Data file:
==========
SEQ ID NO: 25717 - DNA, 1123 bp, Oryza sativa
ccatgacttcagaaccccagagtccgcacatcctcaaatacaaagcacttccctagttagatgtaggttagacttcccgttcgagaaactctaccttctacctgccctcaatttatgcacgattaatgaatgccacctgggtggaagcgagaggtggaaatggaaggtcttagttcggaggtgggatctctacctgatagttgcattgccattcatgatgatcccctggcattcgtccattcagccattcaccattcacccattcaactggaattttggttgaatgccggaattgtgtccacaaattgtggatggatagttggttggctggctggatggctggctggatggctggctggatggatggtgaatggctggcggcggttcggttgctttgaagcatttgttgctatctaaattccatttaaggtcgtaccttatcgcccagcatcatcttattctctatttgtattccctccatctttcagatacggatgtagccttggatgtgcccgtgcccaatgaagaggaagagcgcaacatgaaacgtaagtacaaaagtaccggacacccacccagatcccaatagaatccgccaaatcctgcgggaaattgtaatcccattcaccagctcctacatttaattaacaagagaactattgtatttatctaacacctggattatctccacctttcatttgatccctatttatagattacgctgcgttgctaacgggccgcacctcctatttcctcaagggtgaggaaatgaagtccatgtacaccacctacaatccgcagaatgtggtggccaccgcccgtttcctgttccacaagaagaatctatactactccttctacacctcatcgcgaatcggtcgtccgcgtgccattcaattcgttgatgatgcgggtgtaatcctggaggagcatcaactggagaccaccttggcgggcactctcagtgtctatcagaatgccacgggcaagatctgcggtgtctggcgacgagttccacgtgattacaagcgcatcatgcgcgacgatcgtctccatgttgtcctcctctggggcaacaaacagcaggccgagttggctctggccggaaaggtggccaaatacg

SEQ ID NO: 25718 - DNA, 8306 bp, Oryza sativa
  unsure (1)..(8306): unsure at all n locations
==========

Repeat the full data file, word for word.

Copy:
SEQ ID NO: 25717 - DNA, 1123 bp, Oryza sativa
ccatgacttcagaaccccagagtccgcacatcctcaaatacaaagcacttccctagttagatgtaggttagacttcccgttcgagaaactctaccttctacctgccctcaatttatgcacgattaatgaatgccacctgggtggaagcgagaggtggaaatggaaggtcttagttcggaggtgggatctctacctgatagttgcattgccattcatgatgatcccctggcattcgtccattcagccattcaccattcacccattcaactggaattttggttgaatgccggaattgtgtccacaaattgtggatggatagttggttggctggctggatggctggctggatggctggctggatggatggtgaatggctggcggcggttcggttgctttgaagcatttgttgctatctaaattccatttaaggtcgtaccttatcgcccagcatcatcttattctctatttgtattccctccatctttcagatacggatgtagccttggatgtgcccgtgcccaatgaagaggaagagcgcaacatgaaacgtaagtacaaaagtaccggacacccacccagatcccaatagaatccgccaaatcctgcgggaaattgtaatcccattcaccagctcctacatttaattaacaagagaactattgtatttatctaacacctggattatctccacctttcatttgatccctatttatagattacgctgcgttgctaacgggccgcacctcctatttcctcaagggtgaggaaatgaagtccatgtacaccacctacaatccgcagaatgtggtggccaccgcccgtttcctgttccacaagaagaatctatactactccttctacacctcatcgcgaatcggtcgtccgcgtgccattcaattcgttgatgatgcgggtgtaatcctggaggagcatcaactggagaccaccttggcgggcactctcagtgtctatcagaatgccacgggcaagatctgcggtgtctggcgacgagttccacgtgattacaagcgcatcatgcgcgacgatcgtctccatgttgtcctcctctggggcaacaaacagcaggccgagttggctctggccggaaaggtggccaaatacg

SEQ ID NO: 25718 - DNA, 8306 bp, Oryza sativa
  unsure (1)..(8306): unsure at all n locations